“How do massive stars form?” is one of the fundamental questions in modern astrophysics, because these massive stars govern the energy budget of their host galaxies. Using numerical simulations, Professor Wilhelm Kley, Dr. Rolf Kuiper and Dr. Dominique Meyer from the Institute for Astronomy and Astrophysics at the University of Tübingen in a collaboration with Dr. Eduard Vorobyov from the Institute for Astrophysics at the University of Vienna revealed new components of the formation of massive stars, which were already known from the formation process of low-mass as well as primordial stars. The study has now been published in the peer-review journal Monthly Notices of the Royal Astronomical Society.
The birth of massive stars is still a mystery to us, because these stars are embedded in an extremely dense medium of gas and dust, says Rolf Kuiper, the leader of the Emmy Noether Research Group for Massive Star Formation, funded by the German Research Foundation (DFG). “This opaque envelope makes it difficult to directly observe the birth process even with modern telescopes. In other words, we see the cradle in which these stars are born, but we can’t detect the stars themselves.” Therefore, the researchers modeled the birth process within a numerical simulation. For this ambitious, computationally expensive study they made use of high-performance computers within the bwHPC initiative of the state of Baden-Württemberg.
The simulation starts with a cloud of gas and dust, which collapses under its own gravity and eventually forms a so-called accretion disk around the hot young star. The material in such a disk rotates around the central star and slowly transports gas and dust towards it. For the first time, the resolution of these simulations was sufficient to infer the formation of high-density clumps within the gravitationally unstable disk. Once formed, these clumps start to migrate through the disk and finally sink into the central star. “Like throwing logs into a fireplace, these episodes of clump consumption produce violent luminosity outbursts outshining the collective effect of one hundred thousand Suns,” says Eduard Vorobyov.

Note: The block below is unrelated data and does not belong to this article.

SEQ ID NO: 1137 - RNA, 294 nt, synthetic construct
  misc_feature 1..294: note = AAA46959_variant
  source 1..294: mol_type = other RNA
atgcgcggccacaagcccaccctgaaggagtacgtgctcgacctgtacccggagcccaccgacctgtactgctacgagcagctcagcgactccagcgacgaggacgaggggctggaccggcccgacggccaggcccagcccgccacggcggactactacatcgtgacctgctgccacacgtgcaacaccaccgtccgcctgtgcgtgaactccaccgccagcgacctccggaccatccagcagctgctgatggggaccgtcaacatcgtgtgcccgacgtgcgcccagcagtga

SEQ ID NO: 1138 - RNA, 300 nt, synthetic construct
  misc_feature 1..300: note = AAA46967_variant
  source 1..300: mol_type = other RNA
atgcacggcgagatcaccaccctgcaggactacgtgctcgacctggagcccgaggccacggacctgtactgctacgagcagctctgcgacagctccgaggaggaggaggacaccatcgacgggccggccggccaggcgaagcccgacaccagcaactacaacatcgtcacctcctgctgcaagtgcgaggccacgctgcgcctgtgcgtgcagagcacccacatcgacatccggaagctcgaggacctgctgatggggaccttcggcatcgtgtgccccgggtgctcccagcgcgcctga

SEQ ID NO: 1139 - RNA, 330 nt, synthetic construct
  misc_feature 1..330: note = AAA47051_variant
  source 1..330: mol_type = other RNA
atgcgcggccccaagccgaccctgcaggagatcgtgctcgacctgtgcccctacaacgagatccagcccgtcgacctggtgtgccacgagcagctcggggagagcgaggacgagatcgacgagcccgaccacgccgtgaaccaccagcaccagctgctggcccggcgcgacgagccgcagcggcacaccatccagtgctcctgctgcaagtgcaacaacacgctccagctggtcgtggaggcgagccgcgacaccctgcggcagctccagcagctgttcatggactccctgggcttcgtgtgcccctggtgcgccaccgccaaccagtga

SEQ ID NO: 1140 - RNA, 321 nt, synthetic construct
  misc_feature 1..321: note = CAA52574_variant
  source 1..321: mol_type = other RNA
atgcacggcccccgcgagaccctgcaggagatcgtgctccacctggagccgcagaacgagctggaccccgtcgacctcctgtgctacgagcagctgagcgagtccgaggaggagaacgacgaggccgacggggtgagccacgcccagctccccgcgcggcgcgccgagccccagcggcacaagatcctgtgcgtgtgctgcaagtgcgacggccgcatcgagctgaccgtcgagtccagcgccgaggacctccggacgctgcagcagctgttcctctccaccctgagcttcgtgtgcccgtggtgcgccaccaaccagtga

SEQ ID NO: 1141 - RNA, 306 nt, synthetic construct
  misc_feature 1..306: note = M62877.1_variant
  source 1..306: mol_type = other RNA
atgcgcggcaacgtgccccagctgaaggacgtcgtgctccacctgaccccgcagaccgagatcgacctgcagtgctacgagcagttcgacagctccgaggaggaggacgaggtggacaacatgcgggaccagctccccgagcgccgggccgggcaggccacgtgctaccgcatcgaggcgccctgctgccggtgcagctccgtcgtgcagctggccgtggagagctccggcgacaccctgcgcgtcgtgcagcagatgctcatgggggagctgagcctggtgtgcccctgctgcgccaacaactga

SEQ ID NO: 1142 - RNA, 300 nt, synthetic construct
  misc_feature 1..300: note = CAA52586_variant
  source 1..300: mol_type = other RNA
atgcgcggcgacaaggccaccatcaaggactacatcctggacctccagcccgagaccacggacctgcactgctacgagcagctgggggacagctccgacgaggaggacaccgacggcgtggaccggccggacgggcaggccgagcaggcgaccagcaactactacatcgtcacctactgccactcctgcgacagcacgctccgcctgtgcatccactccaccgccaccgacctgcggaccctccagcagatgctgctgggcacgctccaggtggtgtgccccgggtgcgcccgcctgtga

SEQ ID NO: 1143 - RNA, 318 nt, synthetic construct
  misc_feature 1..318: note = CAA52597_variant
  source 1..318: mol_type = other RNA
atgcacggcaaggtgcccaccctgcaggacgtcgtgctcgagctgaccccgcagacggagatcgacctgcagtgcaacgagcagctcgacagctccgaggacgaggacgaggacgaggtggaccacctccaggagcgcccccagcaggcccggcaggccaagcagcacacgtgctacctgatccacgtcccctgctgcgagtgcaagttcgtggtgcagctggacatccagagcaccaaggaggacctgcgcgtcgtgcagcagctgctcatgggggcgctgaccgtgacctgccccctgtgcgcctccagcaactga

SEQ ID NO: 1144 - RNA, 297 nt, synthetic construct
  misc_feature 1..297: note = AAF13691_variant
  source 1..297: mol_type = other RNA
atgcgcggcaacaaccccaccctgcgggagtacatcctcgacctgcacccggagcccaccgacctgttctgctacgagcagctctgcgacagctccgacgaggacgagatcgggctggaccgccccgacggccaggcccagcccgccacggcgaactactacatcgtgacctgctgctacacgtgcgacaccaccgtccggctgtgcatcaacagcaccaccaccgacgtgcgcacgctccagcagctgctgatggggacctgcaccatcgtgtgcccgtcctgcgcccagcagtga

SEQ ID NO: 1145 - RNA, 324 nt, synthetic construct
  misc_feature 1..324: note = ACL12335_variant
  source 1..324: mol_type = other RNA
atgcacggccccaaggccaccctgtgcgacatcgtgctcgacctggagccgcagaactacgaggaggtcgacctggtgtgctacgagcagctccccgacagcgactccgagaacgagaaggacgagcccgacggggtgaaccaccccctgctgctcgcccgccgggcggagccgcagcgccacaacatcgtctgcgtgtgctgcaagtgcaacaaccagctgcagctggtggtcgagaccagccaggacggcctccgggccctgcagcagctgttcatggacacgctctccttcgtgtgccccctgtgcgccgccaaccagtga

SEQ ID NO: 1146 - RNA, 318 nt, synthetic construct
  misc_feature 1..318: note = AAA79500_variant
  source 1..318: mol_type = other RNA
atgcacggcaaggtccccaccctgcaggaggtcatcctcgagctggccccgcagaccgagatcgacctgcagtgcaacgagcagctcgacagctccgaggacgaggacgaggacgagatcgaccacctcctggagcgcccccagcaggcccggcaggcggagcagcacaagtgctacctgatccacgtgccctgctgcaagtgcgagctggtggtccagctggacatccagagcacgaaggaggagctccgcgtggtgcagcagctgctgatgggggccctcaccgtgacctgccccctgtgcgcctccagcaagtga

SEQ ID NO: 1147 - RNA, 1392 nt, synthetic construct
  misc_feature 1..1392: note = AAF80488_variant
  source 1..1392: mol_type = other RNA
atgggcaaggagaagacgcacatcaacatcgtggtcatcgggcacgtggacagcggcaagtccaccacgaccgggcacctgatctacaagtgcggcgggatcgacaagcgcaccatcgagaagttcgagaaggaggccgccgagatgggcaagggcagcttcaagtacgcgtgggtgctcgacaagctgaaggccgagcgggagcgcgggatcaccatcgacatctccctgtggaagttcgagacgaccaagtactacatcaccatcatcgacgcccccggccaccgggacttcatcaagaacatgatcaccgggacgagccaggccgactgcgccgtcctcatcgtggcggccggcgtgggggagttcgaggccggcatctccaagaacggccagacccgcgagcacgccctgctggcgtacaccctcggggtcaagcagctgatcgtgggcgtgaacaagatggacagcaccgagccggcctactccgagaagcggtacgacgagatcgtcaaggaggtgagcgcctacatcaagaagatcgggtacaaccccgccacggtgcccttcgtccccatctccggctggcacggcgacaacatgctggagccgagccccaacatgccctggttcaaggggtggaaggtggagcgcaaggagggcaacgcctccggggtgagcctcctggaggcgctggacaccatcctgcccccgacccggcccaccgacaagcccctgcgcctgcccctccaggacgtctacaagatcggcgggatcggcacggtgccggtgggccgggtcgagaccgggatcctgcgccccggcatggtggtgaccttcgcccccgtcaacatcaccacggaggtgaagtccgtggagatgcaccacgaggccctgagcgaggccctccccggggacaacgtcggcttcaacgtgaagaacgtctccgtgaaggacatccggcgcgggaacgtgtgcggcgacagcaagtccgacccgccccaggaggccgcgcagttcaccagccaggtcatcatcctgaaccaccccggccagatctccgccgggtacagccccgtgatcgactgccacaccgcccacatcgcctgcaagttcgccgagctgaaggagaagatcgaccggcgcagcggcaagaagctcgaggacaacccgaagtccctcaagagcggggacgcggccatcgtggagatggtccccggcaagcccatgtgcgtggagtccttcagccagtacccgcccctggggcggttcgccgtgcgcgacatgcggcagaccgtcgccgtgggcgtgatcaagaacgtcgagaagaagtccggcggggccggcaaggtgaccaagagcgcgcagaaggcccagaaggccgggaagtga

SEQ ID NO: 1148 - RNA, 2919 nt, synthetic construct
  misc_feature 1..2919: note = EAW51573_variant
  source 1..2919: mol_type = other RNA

A similar process of episodical luminosity bursts was already known with respect to the formation of the first stars in the Universe and for low-mass stars like our Sun. The new investigation suggests now that the formation of stars of any kind and epoch are controlled by the same universal processes: “It is amazing to see these similarities, as if star formation on all scales and epochs is controlled by a common DNA forged in the early Universe,” says Dominique Meyer, the first author of the study and post-doc in the Emmy Noether Group. The clumps, explains Wilhelm Kley, are also excellent candidates for the formation of Solar-type companions to massive stars: “These companions will also influence their future evolution.”
The results will help to develop new observing strategies for detecting these luminosity outbursts — and even for directly imaging the high-density clumps in accretion disks around very young massive stars. This will be a task for modern observing facilities such as the Atacama Large Millimeter Array (ALMA) of the European Southern Observatory (ESO) or the future European Extremely Large Telescope (E-ELT).